4. Great column, Shaun, as usual. Here is the last part of the May 29, 2013 interest rate announcement of the Bank of Canada, the last such announcement made when Mark Carney was still its Guv, as Evan Solomon would say. “Reflecting all of these factors, the Bank has decided to maintain the target for the overnight rate at 1 per cent. With continued slack in the Canadian economy, the muted outlook for inflation, and the constructive evolution of imbalances in the household sector, the considerable monetary policy stimulus currently in place will likely remain appropriate for a period of time, AFTER WHICH SOME MODEST WITHDRAWAL WILL LIKELY BE REQUIRED, consistent with achieving the 2 per cent inflation target.” (Emphasis added.) So Governor Carney left office hinting at another interest rate hike, something he had been hinting at or threatening since at least December 2010. However, after hiking the overnight rate from 0.75% to 1.0% in September 2010, he never changed rates thereafter. In the interval between the last rate hike and May 2013 the inflation rate was sometimes scarily high. In May 2011 it went to 3.7%, not only well above the 2% target, but well above the 3% upper bound. Governor Carney talked tough, but left the overnight rate unchanged. So I would take his current hints that he might be moving up the bank rate sooner rather than later with a shaker of salt.

    • Hi Andrew and thank you

      It is part of the modern central bankers manual that they overlook inflation overshoots. Mervyn King overlooked an overshoot in the UK which was even larger than that overlooked by Mark Carney in Canada. However the UK and US seem fixated on interest-rate rise promises and I mean promises rather than action. I note your point about Mark Carney behaving in similar fashion in Canada and whilst circumstances changed materially with the falls in commodity prices alsoI note that the next move was down (x2 so far).!

      What is also awkward for a man “who is a dedicated follower of fashion” is that a growing list of central banks (Riksbank, SNB, DNB and to some extent CNB) are moving in exactly the opposite direction.

  5. Hi Shaun

    This continuous teasing by CBs seems to me to be to encourage the view that they are in control of events and can move them when certain parameters change, To me this is complete nonsense.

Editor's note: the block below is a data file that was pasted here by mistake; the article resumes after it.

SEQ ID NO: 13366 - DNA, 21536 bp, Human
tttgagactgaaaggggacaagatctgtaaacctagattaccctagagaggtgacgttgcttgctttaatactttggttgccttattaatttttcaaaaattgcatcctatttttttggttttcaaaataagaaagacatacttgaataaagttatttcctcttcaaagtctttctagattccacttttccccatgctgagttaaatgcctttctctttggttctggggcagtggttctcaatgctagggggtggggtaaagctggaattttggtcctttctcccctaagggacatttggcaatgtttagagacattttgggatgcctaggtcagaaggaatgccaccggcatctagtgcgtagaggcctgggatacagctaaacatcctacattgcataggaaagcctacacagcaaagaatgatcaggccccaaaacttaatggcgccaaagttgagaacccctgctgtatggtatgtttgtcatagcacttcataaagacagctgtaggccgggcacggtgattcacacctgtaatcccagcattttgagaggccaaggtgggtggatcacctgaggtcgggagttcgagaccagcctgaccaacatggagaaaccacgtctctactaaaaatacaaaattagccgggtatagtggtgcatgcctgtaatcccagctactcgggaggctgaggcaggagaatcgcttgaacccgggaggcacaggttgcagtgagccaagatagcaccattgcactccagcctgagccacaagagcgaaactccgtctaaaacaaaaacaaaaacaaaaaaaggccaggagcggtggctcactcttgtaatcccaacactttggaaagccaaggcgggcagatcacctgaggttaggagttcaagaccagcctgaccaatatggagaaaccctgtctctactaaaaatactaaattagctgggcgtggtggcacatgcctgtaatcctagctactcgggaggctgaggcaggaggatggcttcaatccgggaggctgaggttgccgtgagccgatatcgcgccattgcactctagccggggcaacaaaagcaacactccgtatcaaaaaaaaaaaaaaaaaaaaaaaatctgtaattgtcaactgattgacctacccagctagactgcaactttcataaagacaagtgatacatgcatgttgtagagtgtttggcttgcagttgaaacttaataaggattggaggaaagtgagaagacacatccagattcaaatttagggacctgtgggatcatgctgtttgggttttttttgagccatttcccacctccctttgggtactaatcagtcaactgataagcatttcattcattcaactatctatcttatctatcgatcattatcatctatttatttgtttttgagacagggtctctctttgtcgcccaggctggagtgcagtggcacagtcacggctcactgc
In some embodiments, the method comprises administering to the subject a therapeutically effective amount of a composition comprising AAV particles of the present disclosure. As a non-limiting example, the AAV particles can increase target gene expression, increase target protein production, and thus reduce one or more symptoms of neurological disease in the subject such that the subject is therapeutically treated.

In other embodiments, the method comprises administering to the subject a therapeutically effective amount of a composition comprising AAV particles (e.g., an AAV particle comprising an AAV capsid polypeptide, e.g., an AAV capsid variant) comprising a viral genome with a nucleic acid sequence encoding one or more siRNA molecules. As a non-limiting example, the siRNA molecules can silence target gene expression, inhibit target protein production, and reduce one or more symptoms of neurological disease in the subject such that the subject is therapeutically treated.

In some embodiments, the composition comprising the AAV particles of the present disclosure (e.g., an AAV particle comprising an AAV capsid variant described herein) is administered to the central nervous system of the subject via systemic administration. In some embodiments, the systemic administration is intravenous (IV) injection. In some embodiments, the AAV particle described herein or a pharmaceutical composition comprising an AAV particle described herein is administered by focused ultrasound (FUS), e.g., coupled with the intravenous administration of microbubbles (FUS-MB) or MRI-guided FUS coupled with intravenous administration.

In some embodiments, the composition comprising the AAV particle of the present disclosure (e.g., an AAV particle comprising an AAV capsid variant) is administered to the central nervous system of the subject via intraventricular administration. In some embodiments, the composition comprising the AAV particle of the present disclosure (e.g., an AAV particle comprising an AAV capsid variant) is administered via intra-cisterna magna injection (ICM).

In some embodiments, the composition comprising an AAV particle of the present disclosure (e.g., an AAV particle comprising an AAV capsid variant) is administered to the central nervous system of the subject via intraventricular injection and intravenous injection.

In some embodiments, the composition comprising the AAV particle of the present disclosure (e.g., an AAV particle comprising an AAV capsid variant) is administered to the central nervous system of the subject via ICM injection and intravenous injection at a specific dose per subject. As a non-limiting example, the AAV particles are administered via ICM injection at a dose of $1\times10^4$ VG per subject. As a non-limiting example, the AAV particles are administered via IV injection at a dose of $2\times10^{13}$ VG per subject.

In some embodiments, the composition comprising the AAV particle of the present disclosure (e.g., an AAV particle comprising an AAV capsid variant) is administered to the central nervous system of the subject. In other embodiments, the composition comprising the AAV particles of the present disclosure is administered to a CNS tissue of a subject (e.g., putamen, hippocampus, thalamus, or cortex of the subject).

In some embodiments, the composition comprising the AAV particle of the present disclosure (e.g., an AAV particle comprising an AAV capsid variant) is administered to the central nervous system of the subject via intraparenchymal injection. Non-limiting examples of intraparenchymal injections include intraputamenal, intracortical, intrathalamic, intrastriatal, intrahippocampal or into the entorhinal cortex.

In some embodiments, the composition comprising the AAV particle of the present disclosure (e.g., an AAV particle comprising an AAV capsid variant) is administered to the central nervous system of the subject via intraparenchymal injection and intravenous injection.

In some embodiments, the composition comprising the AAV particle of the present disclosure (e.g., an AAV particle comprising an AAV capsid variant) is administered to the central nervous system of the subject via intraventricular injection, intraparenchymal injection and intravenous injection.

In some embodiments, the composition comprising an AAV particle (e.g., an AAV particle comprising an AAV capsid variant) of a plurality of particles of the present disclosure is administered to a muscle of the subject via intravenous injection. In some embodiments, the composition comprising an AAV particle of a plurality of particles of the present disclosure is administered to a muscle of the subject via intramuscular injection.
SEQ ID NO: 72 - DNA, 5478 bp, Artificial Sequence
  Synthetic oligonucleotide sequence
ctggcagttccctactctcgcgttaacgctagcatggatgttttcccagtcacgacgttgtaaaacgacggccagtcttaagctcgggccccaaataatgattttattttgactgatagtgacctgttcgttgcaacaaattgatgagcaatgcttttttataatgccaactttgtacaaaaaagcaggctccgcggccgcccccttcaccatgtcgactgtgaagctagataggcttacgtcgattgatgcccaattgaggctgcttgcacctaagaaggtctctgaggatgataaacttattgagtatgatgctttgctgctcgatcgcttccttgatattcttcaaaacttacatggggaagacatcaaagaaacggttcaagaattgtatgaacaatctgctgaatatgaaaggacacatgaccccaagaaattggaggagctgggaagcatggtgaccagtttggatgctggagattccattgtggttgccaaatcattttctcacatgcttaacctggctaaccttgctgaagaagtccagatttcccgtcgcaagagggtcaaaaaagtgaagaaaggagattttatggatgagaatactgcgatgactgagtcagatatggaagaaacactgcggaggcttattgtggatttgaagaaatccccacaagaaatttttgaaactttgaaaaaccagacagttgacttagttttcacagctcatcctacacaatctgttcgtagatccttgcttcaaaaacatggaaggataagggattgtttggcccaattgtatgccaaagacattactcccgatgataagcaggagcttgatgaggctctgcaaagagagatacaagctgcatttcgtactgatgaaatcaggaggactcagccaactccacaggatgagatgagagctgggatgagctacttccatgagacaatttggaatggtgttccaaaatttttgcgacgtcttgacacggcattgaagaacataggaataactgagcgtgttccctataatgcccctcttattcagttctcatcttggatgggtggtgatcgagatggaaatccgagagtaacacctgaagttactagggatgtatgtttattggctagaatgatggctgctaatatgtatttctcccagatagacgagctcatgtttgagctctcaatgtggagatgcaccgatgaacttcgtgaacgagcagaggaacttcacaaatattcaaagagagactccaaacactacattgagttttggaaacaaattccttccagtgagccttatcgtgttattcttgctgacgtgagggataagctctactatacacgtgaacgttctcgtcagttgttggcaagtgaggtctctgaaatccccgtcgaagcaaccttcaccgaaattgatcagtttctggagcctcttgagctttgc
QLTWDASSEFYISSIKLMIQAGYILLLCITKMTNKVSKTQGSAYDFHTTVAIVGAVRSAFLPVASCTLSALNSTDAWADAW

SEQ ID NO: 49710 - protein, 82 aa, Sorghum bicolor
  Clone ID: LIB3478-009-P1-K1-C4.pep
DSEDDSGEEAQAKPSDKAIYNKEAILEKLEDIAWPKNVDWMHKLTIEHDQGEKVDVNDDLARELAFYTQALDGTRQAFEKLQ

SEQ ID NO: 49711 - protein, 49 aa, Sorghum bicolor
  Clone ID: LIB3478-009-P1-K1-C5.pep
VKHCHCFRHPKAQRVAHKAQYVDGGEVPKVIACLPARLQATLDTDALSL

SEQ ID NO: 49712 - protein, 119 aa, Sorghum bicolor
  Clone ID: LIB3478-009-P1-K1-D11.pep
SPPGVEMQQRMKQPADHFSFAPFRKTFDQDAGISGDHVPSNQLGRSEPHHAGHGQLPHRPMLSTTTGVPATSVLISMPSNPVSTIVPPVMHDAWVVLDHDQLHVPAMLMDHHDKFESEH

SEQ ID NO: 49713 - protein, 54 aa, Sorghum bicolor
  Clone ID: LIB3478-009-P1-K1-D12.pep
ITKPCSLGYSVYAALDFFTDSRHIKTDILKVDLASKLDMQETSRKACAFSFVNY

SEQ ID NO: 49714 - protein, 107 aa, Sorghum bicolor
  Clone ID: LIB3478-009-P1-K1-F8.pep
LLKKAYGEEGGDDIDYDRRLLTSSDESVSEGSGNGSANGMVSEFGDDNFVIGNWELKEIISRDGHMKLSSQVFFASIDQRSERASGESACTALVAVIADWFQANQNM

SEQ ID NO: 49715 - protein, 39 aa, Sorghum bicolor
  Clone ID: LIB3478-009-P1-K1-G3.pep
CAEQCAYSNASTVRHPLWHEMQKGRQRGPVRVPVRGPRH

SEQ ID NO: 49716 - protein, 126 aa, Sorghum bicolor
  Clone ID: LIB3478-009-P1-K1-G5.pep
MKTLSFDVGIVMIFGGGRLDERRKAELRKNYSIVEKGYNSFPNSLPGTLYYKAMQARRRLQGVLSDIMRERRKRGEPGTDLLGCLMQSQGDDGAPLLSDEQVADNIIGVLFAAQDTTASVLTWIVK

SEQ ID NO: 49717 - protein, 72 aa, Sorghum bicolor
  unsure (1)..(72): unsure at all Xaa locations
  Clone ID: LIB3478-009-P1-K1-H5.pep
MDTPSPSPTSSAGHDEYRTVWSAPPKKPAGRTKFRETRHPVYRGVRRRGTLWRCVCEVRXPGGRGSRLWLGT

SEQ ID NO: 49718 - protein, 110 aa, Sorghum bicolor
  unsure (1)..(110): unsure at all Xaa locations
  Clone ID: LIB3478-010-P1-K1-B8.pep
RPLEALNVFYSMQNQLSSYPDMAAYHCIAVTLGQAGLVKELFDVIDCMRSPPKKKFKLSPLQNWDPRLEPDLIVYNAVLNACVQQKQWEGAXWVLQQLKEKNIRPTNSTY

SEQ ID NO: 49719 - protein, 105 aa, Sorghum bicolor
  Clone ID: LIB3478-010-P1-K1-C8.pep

Any “forward guidance” put forward by Carney (or Yellen) is likely to be swamped by external events (the Euro, geopolitical issues ). The most noteworthy economic news I read yesterday was that the Chinese have apparently been dumping US T bonds to the tune of $0.5Trillion in the past few months, something I think is far more important than the musing of mark Carney.

    From what I can see the economic indicators in many places are moving South and I can’t see IRs rising anytime soon, either here or in the US.

    • Hi Bob J

      I agree or if they do they may have to cut them by even more quite quickly! As to events I was just discussing with Shireblogger who used to comment on here but now uses Twitter that little has changed so why has the Bank of England view?

      As to the US quite a Nelsonian style blind-eye is being turned to the significance of the industrial production downgrade which took place yesterday. Yes economic growth may be strongish in Q2 but may only put us where we thought we already were.

  6. Shaun,

    With the ONS web site showing inflation at 0%, this Governor is a fool! What the hell does he think is going to happen to inflation between now and the new year?! I appreciate oil may drop out, though I know it has drifted lower, but dear God, prices would have to shoot up drastically for inflation to go above 2%. And I hardly think that will happen when I believe commodity prices, too, have been drifting lower for months. He’s just such an idiot! And since you have told us time and again that it takes about 18 months for an interest rate rise to kick in, if he believes that inflation is going to shoot up, hadn’t he better start raising them now?! Or you’re wrong about there being an 18 month time lag, which I very much doubt. To mis-quote Gandalf in Tolkien’s book, “A fool of Carney”.

    • The BOE’s idea of “medium term” which is what they always look at when setting policy for inflation is 18 months – 3 years so when they talk about anything it’s always what they think will be happening in 18 months – 3 years.